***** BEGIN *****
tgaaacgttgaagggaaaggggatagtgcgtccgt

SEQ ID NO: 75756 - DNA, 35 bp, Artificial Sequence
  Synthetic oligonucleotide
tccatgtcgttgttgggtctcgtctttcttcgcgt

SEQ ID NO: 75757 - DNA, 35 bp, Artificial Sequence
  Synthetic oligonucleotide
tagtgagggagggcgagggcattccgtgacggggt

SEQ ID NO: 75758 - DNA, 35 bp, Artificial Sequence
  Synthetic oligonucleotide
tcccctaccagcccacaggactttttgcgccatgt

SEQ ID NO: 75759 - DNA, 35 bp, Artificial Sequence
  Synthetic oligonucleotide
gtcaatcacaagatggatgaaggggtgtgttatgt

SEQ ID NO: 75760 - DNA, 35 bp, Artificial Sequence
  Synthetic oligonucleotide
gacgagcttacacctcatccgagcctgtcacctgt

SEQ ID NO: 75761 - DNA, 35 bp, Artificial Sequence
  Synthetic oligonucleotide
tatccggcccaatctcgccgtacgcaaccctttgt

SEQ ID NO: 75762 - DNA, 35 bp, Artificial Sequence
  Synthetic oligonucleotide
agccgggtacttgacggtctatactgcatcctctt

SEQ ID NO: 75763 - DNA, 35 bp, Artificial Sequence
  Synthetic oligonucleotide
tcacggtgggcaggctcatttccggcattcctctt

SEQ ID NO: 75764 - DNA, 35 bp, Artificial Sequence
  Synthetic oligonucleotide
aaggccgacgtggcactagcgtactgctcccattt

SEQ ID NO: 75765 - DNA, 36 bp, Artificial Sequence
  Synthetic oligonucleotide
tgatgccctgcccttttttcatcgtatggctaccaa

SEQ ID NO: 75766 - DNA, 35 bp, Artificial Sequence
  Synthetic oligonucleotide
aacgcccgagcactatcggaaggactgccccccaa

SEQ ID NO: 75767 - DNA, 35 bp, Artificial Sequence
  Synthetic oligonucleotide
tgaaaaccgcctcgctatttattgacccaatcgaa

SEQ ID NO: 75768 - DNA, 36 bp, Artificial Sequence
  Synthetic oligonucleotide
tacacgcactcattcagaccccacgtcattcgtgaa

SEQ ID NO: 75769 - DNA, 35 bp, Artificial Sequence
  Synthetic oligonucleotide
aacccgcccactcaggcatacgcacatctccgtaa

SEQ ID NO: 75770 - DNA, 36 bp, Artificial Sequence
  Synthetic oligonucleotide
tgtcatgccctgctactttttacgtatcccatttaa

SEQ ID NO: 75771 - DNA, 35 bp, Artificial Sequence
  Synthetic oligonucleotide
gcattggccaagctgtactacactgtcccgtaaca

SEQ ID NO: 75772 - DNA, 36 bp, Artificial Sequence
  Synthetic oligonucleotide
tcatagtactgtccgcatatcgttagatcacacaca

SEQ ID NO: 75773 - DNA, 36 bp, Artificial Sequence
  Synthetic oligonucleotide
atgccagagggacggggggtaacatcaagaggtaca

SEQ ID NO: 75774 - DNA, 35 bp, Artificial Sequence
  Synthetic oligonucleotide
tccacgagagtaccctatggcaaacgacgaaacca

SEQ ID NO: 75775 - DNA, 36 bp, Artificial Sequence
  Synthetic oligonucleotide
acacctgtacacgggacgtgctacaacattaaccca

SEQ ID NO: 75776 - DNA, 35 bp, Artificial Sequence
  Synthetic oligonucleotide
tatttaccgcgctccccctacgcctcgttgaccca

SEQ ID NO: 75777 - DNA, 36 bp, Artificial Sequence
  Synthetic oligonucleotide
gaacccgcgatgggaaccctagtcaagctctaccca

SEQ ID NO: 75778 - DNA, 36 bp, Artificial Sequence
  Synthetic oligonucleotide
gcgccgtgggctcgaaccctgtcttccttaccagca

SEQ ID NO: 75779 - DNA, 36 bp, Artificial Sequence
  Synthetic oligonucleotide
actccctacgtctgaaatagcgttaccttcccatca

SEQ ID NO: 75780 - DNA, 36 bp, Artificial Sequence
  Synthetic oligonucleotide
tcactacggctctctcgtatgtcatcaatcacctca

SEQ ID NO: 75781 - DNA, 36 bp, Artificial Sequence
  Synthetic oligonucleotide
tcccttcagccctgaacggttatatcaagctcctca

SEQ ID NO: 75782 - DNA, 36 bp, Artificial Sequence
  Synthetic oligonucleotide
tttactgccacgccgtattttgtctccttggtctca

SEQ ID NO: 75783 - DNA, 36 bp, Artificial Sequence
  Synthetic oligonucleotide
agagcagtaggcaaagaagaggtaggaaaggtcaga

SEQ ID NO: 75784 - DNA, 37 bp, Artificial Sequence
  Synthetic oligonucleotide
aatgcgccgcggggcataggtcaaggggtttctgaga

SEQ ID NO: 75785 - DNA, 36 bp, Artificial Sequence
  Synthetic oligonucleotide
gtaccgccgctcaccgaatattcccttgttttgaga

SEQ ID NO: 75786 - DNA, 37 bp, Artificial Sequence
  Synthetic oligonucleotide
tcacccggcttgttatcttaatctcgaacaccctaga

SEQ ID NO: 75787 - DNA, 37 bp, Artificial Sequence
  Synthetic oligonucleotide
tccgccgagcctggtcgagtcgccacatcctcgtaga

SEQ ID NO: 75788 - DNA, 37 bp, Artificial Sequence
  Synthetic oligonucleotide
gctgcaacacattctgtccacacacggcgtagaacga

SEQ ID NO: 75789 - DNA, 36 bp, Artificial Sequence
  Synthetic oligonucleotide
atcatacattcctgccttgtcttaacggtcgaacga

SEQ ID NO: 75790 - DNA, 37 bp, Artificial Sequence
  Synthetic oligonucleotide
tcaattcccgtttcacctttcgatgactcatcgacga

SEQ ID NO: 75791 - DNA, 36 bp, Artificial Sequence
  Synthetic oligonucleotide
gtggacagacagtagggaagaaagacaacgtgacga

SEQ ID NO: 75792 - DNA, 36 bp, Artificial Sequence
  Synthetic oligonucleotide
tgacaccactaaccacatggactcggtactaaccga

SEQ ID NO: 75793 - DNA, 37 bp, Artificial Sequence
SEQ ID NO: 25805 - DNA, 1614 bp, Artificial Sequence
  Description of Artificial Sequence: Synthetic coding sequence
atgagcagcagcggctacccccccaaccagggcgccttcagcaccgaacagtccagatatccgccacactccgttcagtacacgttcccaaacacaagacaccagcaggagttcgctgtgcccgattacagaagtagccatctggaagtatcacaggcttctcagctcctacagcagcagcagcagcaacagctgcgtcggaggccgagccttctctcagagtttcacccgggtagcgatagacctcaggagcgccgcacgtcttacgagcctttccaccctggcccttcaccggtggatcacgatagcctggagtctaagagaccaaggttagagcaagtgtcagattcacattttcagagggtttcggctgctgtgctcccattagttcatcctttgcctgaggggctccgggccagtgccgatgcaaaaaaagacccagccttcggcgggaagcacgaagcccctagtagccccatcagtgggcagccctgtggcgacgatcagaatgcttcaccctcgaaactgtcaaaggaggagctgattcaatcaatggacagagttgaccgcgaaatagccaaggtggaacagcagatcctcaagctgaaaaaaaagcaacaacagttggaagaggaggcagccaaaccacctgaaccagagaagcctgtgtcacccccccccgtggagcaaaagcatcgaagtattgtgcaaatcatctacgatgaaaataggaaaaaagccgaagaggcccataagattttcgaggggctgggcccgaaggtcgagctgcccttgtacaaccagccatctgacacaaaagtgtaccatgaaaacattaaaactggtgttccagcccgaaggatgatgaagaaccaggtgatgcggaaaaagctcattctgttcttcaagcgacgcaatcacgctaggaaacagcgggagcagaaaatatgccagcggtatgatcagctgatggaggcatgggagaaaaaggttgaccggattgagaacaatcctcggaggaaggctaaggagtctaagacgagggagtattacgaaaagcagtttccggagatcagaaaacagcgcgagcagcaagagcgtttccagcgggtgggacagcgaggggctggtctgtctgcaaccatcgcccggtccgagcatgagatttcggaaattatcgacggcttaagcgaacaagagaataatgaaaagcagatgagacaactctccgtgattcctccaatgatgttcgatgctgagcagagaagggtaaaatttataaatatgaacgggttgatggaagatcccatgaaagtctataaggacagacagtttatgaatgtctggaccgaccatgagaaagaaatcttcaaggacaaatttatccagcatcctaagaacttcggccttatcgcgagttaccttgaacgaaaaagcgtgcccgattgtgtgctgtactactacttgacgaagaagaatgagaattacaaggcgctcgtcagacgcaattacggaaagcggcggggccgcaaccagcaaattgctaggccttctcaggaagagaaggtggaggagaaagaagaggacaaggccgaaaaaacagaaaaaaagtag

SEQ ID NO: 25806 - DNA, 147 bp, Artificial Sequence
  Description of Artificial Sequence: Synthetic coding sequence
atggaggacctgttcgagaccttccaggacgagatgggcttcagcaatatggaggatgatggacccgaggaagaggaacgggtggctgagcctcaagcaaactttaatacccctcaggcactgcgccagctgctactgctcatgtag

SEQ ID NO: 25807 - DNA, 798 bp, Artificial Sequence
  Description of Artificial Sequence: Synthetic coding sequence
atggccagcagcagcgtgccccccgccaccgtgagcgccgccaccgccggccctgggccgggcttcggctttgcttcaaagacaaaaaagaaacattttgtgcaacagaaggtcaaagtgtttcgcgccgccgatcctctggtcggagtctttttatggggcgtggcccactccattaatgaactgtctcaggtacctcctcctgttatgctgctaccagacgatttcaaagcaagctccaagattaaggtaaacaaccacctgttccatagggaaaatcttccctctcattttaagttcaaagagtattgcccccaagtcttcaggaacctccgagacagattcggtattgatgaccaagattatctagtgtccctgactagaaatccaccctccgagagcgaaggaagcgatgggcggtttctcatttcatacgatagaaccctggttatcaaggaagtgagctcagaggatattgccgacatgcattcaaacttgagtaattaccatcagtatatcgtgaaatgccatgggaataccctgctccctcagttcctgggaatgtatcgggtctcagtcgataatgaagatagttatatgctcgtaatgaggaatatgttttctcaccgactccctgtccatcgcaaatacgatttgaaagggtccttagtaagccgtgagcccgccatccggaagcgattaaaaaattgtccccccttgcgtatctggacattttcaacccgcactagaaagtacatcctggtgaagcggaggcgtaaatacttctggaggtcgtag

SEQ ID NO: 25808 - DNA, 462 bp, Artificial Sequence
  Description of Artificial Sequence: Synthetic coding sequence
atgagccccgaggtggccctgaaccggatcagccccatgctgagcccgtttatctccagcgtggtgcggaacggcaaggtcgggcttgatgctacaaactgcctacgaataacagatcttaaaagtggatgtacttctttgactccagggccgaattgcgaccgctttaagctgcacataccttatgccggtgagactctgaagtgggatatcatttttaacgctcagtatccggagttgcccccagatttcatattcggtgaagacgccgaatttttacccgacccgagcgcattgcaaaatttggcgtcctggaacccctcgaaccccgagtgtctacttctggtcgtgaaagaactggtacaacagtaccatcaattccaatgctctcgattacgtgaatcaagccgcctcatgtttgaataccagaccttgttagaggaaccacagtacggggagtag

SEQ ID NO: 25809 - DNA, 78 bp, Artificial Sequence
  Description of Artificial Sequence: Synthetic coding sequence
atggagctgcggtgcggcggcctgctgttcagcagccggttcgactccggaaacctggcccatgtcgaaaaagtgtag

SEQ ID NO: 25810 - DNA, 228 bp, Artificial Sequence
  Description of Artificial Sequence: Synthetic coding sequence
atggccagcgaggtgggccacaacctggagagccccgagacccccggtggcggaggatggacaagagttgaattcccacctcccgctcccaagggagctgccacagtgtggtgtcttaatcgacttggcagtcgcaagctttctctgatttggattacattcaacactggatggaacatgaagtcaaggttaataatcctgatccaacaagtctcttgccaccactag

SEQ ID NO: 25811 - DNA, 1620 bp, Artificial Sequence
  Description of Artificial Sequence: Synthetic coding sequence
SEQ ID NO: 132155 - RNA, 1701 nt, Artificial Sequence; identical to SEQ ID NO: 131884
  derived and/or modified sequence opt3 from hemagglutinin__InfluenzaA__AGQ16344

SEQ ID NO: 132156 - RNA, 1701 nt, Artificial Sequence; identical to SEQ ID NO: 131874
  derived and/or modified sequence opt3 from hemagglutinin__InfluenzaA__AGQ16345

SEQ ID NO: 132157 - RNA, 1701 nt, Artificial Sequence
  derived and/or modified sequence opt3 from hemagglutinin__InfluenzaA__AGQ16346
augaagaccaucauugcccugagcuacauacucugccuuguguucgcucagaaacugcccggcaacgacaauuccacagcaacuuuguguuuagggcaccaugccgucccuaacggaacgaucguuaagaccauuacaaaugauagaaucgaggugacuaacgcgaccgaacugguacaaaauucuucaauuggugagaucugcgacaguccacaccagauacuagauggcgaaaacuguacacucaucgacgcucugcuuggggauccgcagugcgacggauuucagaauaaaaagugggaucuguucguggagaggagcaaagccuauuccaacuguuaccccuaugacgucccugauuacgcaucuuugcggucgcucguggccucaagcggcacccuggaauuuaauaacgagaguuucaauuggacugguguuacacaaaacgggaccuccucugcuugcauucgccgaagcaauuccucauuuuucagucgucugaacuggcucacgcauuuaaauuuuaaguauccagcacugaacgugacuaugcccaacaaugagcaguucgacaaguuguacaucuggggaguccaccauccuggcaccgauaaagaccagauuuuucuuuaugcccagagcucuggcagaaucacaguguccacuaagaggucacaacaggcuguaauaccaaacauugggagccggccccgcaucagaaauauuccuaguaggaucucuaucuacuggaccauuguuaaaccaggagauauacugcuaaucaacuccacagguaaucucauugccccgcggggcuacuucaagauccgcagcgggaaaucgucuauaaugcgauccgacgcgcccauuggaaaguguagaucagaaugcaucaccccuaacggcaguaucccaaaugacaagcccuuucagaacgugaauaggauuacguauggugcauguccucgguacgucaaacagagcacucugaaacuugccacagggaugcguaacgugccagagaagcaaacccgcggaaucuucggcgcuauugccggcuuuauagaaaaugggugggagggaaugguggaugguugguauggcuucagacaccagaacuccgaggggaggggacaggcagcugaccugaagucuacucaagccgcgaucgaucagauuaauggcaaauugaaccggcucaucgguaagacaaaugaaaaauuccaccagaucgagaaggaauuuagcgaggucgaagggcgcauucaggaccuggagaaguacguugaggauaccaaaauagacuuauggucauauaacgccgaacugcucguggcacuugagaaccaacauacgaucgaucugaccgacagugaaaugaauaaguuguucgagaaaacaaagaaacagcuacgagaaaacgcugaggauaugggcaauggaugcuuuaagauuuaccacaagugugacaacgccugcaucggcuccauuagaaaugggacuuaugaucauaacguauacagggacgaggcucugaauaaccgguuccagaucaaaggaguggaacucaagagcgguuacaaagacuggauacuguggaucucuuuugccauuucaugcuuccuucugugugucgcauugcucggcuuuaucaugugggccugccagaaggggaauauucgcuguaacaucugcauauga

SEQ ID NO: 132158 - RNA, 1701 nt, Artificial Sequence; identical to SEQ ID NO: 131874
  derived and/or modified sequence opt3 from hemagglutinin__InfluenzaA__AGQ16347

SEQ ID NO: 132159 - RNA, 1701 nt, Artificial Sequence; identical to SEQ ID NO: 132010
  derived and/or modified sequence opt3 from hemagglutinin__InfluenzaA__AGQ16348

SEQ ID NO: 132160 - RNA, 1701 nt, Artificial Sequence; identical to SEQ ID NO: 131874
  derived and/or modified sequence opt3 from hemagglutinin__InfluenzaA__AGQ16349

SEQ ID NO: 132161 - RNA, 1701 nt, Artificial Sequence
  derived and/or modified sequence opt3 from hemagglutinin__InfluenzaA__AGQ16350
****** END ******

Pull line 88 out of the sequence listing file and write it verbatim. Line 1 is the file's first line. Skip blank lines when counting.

aatgcgccgcggggcataggtcaaggggtttctgaga